Welsh Journals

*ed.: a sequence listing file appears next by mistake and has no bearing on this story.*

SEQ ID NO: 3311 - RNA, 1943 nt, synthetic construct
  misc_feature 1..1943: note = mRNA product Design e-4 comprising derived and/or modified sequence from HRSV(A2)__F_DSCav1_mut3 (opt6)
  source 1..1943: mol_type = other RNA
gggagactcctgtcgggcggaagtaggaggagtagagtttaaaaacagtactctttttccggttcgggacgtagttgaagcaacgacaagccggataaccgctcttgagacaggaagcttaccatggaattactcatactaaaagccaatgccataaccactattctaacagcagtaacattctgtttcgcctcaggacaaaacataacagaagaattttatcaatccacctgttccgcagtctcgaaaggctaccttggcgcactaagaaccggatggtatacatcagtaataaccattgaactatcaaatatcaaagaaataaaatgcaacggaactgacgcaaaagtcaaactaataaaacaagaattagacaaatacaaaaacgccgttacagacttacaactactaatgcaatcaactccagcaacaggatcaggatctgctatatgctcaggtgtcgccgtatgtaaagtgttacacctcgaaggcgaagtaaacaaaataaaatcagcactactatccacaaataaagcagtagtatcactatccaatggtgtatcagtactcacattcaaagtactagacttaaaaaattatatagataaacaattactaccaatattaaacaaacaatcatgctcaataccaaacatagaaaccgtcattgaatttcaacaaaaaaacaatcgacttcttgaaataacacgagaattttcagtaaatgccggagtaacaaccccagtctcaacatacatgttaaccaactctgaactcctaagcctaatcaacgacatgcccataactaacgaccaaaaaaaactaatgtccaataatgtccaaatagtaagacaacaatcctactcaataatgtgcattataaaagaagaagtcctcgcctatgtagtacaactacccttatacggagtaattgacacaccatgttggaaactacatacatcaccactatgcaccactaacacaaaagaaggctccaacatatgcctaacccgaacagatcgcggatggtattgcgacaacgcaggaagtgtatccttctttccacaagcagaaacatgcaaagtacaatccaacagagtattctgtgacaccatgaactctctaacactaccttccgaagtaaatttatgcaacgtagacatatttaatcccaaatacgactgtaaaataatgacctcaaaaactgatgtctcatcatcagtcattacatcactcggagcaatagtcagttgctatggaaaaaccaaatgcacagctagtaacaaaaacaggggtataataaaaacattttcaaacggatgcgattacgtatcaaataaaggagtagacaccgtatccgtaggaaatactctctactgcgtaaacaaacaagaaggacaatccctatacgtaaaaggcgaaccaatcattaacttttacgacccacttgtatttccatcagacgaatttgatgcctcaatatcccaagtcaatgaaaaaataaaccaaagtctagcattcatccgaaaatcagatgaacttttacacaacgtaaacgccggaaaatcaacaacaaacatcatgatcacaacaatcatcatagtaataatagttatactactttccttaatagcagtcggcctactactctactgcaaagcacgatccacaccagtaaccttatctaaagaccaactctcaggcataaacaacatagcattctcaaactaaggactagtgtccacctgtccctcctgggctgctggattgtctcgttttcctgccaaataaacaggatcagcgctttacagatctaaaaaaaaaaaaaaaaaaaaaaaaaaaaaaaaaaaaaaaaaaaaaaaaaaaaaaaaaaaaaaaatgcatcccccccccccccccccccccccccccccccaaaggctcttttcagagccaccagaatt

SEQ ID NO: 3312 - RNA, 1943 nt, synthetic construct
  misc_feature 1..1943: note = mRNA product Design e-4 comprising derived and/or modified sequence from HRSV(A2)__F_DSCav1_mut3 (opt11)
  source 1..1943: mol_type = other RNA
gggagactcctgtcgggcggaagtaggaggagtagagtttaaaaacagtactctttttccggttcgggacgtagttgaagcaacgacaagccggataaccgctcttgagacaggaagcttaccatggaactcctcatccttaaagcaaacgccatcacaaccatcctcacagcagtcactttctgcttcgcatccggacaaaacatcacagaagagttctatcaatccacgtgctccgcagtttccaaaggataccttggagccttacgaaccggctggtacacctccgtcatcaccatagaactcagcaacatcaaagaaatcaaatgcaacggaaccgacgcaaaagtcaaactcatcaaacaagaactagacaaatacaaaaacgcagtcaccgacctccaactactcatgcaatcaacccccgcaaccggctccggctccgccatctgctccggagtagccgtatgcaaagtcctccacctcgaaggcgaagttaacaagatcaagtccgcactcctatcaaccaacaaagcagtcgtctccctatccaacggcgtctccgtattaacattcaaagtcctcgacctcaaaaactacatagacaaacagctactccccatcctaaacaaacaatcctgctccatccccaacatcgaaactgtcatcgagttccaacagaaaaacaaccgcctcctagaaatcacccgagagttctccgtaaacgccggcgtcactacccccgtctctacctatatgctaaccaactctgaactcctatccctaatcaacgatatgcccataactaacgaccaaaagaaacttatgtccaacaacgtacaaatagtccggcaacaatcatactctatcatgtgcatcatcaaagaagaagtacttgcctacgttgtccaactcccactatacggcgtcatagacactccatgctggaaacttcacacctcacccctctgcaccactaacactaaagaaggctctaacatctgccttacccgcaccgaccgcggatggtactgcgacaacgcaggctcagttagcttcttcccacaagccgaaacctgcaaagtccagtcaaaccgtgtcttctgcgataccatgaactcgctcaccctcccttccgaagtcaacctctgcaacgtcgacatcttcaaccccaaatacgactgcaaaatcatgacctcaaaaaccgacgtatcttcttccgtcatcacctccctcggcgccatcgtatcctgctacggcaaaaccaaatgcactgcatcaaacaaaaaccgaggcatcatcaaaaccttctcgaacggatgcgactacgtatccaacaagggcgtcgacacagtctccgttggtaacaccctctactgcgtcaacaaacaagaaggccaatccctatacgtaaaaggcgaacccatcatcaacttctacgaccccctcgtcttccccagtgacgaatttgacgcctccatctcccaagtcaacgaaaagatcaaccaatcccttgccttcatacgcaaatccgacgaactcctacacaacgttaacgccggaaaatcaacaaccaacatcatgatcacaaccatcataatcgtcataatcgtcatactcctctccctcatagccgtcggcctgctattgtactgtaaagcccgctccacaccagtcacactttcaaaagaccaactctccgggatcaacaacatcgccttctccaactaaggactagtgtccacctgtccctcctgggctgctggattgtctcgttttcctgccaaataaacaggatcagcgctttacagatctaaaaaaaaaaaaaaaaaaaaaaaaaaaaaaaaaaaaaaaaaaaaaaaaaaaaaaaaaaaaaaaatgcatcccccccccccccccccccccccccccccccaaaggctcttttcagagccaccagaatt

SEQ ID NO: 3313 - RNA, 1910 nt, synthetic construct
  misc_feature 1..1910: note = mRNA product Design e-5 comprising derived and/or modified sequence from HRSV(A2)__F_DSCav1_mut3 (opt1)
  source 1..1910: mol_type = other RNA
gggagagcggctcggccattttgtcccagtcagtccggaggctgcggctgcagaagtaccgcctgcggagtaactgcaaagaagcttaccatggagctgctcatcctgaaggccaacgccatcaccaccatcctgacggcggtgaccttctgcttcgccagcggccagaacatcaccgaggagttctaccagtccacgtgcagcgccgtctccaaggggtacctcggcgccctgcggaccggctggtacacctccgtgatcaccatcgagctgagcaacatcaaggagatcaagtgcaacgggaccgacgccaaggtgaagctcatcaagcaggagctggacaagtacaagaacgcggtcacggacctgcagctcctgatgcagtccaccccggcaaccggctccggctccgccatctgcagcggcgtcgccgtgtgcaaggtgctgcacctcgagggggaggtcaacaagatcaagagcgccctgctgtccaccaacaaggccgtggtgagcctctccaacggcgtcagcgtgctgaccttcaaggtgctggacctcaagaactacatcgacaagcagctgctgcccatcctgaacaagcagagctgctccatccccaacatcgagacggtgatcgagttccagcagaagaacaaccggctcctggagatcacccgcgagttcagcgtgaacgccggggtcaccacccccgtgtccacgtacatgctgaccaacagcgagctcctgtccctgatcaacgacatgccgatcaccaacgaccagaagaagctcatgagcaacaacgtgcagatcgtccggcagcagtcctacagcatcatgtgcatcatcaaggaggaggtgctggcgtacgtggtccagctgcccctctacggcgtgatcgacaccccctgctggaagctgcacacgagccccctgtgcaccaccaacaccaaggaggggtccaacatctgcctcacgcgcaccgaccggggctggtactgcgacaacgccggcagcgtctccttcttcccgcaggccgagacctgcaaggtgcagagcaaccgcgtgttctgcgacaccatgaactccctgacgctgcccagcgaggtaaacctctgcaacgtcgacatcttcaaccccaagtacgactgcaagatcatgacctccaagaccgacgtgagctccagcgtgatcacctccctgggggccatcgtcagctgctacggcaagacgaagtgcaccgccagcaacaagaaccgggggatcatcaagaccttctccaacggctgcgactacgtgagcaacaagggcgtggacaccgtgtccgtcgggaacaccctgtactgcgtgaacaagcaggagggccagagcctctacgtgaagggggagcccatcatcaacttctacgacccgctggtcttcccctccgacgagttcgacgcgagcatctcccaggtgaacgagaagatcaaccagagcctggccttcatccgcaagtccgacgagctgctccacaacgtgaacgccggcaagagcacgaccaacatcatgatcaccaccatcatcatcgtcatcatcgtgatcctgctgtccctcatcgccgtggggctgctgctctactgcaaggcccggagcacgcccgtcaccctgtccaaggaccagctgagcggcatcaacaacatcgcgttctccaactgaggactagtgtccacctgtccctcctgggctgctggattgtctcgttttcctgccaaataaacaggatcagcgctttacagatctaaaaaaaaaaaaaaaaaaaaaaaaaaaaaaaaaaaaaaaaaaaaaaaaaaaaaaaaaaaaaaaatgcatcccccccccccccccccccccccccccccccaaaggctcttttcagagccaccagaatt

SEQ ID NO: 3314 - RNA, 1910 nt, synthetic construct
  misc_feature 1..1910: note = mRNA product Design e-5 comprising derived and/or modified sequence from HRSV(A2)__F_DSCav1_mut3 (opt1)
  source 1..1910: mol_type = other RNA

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rr> A-^--/* WALES. Vol. II.] JANUARY, 1895. [No. 9. THE STRUGGLE FOR INTERMEDIATE EDUCATION. I.—INTRODUCTION. HE Intermediate Education Act (Wales) was passed in 1889. Then came the attempt of each county at framing its scheme, and getting it recognized by the Education Department and by the House of Lords. Unfortunately educationalists in Wales were not quite of one mind about the Act or about the best method of utilizing it. In dealing with the be hoped that, before long, the system of education contemplated by the Act will be in full working order in each Welsh county. I am arranging to get an account of the struggle in each county from those who seem to me to be best able to give reliable information. Each article will be supple¬ mented, if necessary, in succeeding numbers until the second volume of Wales will be YSTEAD MeTTBIO SCHOOL. old schools, much religious animosity was aroused, and it is greatly to be regretted that we have not yet seen the end of it. The House of Lords exercised its power in excluding some of the older endowed schools from the new intermediate system, and I know of one place where an attempt is made at setting up a denominational school as a rival to the established inter¬ mediate one. It is, however, devoutly to of standard authority on the rise of our intermediate schools. In Cardiganshire, so far, no intermediate school has been established: while in the adjacent county of Merioneth there are five well equipped schools doing vigorous wrork. But Cardiganshire has so honoured a name in the history of Welsh education that I felt the history of its intermediate scheme ought to come first. Its schools